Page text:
spent five years at Blackpool and Fylde College of Art, studying first technical illustration then specialising in scientific illustration with a view to becoming a medical illustrator. I worked for a medical publisher in Surrey as an illustrator before returning to the north to pursue a career as a freelance wildlife illustrator eventually signing to a London illustration agency.
Computer based illustration and digitised artwork were beginning to affect the role of the wildlife illustrator and the type of work available. It was then to prove a turning point in my career when, in 1997, I met quite a few international wildlife artists whilst exhibiting at the British Falconry Fair. This led to me painting wildlife pictures, often working from my own photographs of reference as well as sketch material gained from the field, including trips to Kenya and Botswana on safari.
Every artist needs a new challenge to incite the enthusiasm, so after a number of years painting traditional wildlife paintings I decided to experiment on box canvas with a more contemporary approach to my animals.
Signing with Washington Green has enabled me to concentrate completely on my painting by giving me an opportunity to show my work to a wider audience.
I've always been a huge fan of Gary Larson's cartoons depicted in “The Far Side” where he transposes his animals to the reality of human situations and explores how they might react with humorous results. I suppose my mind follows similar thoughts about what my animals might be experiencing. I always think, for example, that very pale cows always look a bit put out when you walk through their field. They would be the sort of neighbours who stand looking through the window, hooves on hips complaining about the youth of today! You wouldn't want to ask for your ball back from their garden – they'd be the sort ringing the police…well, if they had opposable thumbs of course!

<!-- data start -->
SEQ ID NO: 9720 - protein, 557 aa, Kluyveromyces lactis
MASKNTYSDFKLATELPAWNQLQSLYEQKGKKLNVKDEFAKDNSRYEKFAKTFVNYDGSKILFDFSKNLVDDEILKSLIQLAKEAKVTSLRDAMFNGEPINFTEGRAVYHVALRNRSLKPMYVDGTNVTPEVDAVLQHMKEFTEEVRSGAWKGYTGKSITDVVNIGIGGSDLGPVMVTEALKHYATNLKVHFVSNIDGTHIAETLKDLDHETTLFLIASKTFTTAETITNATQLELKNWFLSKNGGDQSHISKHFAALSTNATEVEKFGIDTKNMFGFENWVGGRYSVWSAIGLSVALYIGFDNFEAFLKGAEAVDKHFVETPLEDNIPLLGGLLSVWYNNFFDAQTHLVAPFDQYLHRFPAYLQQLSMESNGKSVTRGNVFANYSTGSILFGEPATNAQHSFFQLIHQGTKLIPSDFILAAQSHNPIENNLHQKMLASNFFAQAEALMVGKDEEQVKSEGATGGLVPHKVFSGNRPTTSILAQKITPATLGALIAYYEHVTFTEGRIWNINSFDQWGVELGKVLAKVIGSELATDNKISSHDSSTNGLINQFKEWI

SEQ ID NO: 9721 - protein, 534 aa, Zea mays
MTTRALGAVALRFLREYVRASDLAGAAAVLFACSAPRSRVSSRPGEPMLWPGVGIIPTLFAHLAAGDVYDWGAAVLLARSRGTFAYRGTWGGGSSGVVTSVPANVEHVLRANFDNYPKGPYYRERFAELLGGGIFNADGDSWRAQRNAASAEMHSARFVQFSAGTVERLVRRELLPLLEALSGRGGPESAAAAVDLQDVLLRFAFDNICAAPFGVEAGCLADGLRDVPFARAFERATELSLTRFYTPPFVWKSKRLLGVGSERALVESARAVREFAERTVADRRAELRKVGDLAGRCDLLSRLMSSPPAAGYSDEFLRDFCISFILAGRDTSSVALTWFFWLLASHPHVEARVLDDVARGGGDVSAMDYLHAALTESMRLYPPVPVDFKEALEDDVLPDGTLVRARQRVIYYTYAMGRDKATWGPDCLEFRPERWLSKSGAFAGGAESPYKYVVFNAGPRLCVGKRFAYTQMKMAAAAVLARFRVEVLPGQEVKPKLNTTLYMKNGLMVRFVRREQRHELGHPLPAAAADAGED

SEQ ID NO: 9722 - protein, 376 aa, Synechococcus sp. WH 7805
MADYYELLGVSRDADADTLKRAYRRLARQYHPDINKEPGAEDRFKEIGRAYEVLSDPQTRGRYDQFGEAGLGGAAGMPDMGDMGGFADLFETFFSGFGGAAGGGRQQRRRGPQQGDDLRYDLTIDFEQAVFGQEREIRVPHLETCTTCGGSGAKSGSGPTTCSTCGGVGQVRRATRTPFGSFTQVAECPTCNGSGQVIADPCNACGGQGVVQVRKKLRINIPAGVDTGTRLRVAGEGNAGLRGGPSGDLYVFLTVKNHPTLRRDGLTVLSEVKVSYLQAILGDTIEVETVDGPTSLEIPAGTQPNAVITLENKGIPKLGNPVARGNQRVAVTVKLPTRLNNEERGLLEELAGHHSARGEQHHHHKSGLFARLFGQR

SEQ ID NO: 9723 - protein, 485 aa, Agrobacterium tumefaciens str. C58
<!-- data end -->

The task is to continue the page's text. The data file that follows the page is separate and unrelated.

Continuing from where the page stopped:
Sometimes I have an idea for a painting based on a play on words; I'll have an idea of the sort of imagery that I want to use, so I'll look through my photos until I see something suitable. I might like an expression on an animals face and immediately have a title for it, however usually I wait until I've started painting to ensure the title is a unique fit to the painting in progress.
My animals are not cuddly toys so I don't seek to portray the cute factor in my work. I like the individualistic nature of them and whether that comes across as docile or plain bad tempered for example then that's what I paint.
Whilst I do attend agricultural shows and the like for inspirations, very often the animals are just too pretty and don't have the lived in tatty edges I like! My subjects are all around me and I'm never short of inspiration – in fact I have a list of titles and subjects on my studio wall just waiting for me to find the time!